Financing a property

Investing in real estate can be a sound financial decision, but financing a property is often one of the biggest hurdles to investing. Here are five tips to help you get started.

1. Tidy Up Your Credit

One of the most significant factors of obtaining financing is your credit. Your credit score and the full report tell lenders how well you repay your debts and what kind of financial difficulties you may have had in the past. A credit score above 740 is commonly recommended to obtain a good interest rate on a loan. You’ll also want to clear up any collections on your report.

2. Boost Your Savings

All lenders want to have some reassurance that you’ll pay back your loan. In addition to a solid credit score and report, it can help to have a good stash of cash in reserve. That way, if you have vacancies in your property or otherwise have a loss of income, you’ll have resources to keep you afloat. This can be especially helpful if you have more than one rental property or investment loan.

3. Conventional Loans

Once your finances are in good shape, it’s time to consider some of your loan options. First up is the conventional loan, something most homeowners are already familiar with. The typical down payment for this type of loan is 20 percent; however, lenders may ask for 30 percent down for an investment property purchase. Conventional mortgages are one of the most straightforward options, but if you already have a mortgage on your primary residence, be prepared to demonstrate that you have the resources to pay them both.

4. Short-Term Loans

Some investors are in it for the long-haul. Others want to flip an investment, or purchase a property, make renovations, and sell for a profit. Short-term loans, sometimes called “fix-and-flip” loans, can be an attractive option because they can be easier to qualify for as the property itself is used to back the loan. The estimated value after repairs is how the lender will determine whether you can pay your loan back, but they often come with steep interest rates up to 18 percent and require full payment within a year.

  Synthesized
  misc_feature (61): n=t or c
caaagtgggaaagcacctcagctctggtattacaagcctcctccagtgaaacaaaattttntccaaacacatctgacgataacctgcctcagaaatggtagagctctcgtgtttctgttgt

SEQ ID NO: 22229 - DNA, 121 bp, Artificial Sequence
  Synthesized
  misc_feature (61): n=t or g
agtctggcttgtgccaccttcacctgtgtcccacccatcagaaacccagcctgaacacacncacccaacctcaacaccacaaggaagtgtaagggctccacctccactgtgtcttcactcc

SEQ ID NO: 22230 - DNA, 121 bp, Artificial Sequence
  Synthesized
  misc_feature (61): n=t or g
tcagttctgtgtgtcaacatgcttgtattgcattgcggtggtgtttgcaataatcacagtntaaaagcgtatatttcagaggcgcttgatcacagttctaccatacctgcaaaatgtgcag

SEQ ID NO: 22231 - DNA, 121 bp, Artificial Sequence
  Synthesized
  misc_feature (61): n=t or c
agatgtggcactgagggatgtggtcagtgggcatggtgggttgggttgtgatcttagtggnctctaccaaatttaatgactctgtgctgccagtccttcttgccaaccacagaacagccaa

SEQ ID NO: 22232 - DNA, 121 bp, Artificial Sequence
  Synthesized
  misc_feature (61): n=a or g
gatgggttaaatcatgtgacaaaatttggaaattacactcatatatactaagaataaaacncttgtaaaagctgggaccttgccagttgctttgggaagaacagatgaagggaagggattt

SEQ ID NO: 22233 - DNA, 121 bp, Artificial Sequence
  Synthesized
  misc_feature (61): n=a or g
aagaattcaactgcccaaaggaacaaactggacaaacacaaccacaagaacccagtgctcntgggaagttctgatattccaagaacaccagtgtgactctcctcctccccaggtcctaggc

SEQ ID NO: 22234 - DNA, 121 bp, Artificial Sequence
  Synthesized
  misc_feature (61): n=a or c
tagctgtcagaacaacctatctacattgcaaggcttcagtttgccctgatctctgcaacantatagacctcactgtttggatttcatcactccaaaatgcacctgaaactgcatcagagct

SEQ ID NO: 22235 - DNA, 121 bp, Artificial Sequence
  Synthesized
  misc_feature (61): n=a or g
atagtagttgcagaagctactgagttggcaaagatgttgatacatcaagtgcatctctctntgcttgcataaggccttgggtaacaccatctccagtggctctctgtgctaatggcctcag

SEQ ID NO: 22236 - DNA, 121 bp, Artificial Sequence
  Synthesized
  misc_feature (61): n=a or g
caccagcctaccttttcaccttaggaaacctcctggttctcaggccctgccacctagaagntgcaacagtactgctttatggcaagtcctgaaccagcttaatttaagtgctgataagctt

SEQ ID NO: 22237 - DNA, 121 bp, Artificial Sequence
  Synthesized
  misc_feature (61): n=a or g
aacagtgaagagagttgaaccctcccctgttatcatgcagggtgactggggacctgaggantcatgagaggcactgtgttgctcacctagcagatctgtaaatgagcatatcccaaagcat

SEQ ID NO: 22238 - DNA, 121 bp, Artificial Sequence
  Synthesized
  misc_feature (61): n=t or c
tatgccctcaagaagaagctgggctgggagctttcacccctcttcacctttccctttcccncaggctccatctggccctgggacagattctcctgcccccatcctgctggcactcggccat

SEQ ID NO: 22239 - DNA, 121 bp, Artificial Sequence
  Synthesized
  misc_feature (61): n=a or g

5. Tap Into Your Home Equity

If your current home has a sizeable amount of equity, you can tap into this with either a home equity loan or by refinancing with cash out. Many lenders will allow you to draw out up to 80 percent of the home’s value, which can then be used to purchase another property. Keep in mind that these options may extend the payback period for your existing mortgage, and both are likely to result in a different interest rate than what you’re currently paying. A home equity loan will have separate terms for the portion you’ve borrowed; refinancing will be subject to current interest rates.

Making Smart Decisions

Real estate investments may offer enticing prospective gains, but they all come with risks. By making sure your credit and cash reserves are in good condition and understanding the terms of any financing you apply for, you can help boost your rate of return and minimize losses.